By Kev Geoghegan
Radio 1 music reporter
Shock! Horror! T In The Park, the biggest music festival in Scotland was kicked off, this year, by a London-based band.
Before anyone goes spluttering into their porridge, The New York Fund are fronted by a Scotsman called Joe McAdam.
The band kicked off the weekend of music with a storming set on the T-Break stage at Balado by Kinross.
McAdam claimed being the first band of the night was a double-edged sword.
He said: "On one hand, they're still sober and it isn't like they're drunk and will dance to anything, like they would at the end of the weekend.
"But, if you know they are there and are paying attention, you know they aren't there because they're half comatose."
McAdam, who originally hails from Glasgow, admits people are confused about the band's origin when they play live.
He said: "Everyone thinks we're all Scottish because I talk a lot on stage and they hear the voice.
"But we all met in London over the past few years."
Named after a jar of one and two pence pieces on top of McAdam's fridge, they were formed out of the ashes of another band, also fronted by McAdam, called Cherryfall.
They were signed and eventually dropped by Island Records.
London-based band The New York Fund is front by Scot Joe McAdam
The as-yet-unsigned The New York Fund didn't play to the biggest crowd of the weekend but their short punchy set left the few hundred fans, who made the effort to show up in time, happy.
McAdam, who is a dead ringer for Biffy Clyro frontman Simon Neil, engaged the crowd from the get-go telling them:
"Thanks for coming to watch us, everyone else is s***e anyway."
They kicked off with the track Guns of London Town, which wouldn't sound out of place on an early Oasis set list.
McAdam fiddled with a contraption around his neck before their next track, Give It Away.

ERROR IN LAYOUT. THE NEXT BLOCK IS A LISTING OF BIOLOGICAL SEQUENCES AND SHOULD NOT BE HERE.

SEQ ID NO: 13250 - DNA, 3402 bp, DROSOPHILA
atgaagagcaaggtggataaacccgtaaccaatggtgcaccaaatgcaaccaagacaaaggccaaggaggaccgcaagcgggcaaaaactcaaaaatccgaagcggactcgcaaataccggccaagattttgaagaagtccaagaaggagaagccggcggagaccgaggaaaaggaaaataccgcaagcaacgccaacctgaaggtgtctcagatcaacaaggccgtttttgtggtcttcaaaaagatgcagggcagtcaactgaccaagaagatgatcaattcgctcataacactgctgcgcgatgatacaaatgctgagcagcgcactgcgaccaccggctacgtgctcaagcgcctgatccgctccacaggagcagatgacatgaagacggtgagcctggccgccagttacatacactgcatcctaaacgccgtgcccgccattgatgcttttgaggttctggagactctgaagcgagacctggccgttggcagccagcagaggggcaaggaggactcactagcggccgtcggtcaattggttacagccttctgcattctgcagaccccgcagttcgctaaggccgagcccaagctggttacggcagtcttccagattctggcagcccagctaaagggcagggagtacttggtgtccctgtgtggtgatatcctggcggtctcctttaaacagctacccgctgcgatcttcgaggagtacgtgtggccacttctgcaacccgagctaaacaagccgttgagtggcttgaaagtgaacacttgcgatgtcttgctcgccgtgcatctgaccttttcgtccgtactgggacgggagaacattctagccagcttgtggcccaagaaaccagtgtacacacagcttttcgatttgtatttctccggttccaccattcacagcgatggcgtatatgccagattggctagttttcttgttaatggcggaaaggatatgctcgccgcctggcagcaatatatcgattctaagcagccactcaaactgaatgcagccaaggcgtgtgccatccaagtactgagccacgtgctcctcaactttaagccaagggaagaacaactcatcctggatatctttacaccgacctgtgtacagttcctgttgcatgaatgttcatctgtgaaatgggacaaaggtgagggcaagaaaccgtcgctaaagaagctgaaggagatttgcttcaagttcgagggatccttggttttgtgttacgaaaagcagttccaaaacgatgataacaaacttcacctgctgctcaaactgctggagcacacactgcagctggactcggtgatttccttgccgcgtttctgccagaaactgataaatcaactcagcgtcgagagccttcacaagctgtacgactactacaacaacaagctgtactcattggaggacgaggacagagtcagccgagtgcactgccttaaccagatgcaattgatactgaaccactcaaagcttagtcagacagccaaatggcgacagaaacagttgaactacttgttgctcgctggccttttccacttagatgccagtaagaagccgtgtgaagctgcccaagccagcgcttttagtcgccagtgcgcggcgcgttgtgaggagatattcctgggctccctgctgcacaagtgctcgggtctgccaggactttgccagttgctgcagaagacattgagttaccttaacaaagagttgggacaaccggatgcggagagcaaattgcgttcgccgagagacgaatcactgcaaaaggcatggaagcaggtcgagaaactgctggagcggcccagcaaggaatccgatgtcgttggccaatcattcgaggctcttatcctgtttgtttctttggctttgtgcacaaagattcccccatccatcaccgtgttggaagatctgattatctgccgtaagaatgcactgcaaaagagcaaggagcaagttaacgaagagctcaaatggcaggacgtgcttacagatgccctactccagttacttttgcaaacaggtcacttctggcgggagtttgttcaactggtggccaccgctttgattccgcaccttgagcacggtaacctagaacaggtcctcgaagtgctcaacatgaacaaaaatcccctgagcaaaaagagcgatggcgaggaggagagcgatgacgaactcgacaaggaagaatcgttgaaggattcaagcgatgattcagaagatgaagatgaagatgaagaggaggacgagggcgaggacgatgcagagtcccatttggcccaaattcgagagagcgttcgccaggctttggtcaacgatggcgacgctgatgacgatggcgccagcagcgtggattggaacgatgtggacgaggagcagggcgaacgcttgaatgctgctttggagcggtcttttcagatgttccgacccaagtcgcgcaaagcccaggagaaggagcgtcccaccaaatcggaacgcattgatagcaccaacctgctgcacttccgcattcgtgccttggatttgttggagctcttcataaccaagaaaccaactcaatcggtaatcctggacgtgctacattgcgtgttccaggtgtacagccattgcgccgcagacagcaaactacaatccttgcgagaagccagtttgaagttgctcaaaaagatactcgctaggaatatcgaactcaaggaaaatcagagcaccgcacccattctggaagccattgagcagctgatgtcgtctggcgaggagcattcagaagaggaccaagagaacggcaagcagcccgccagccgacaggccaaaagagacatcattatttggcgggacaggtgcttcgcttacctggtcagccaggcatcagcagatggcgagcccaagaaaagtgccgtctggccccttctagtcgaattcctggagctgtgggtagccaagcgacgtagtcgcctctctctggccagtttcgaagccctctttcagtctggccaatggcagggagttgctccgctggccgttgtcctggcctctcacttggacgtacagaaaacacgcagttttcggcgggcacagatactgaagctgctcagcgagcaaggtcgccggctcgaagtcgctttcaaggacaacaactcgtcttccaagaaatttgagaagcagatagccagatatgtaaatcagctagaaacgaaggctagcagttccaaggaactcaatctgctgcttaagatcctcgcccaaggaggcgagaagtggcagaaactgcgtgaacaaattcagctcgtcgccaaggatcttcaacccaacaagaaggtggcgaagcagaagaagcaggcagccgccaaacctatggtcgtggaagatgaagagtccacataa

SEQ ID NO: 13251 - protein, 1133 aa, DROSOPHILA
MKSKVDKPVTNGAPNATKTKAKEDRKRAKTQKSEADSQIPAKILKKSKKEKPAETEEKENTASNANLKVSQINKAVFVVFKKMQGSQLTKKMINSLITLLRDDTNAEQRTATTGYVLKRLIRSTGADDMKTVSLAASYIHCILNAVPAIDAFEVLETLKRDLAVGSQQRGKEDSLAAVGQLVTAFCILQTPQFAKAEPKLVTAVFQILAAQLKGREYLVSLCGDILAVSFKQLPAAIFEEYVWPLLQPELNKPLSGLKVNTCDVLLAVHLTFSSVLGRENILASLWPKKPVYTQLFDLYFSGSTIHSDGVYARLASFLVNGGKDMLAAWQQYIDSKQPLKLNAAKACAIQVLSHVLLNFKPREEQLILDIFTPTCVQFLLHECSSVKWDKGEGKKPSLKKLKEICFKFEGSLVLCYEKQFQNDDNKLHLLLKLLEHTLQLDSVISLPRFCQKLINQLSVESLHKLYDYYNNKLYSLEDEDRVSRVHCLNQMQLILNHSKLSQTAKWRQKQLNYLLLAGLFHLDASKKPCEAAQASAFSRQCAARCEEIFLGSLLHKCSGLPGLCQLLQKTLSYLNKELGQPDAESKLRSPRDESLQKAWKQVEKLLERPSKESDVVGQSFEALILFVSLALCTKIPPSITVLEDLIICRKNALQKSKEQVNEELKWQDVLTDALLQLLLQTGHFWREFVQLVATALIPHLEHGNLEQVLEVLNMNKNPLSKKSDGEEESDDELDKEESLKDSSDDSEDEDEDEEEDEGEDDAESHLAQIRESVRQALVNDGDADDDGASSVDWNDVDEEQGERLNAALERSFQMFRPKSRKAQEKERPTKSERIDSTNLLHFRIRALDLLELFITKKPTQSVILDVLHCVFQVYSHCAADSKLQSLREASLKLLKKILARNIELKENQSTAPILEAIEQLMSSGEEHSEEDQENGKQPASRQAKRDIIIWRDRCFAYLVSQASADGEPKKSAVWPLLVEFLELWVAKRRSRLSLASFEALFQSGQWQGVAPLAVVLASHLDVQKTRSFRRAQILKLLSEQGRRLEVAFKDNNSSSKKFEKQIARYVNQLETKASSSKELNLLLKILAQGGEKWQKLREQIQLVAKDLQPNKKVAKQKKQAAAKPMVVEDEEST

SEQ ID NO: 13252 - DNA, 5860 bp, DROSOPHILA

It couldn't be. Yes it was. A mouth-organ. Awesome.
The song could be mistaken for a slightly rockier version of You Don't Love Me by The Kooks.
But it's on the rest of the set list that the band's country rock sound began to shine.
McAdam said: "I'm a massive county fan, well 70s alt country.
"Nothing cheesy and modern like Garth Brooks."
He continued: "That's sort of what I thought of when we started the band but it's got a lot more rock and roll since then."
Going to New York starts with a hypnotic raw drum beat that sounds like The Shangri-Las' Leader of The Pack and The End has definite shades of Primal Scream.
Julie July got one of the biggest responses from the audience who, thanks to MySpace, already knew the words to the song.
McAdam explained: "It isn't about a real person, it's about a fictitious girl who tells you what she is like and then you find out she is completely different."
"The chorus goes, 'Julie July, why did you lie?'"
Their final song Nobody Home and its extended guitar left the crowd with a final bounce to take on to the next set with them.
McAdam smiled before disappearing into his dressing room and said: "That's it. Now I can go off and drink as much lager as I can fit in my body."
Spoken like a true Scotsman.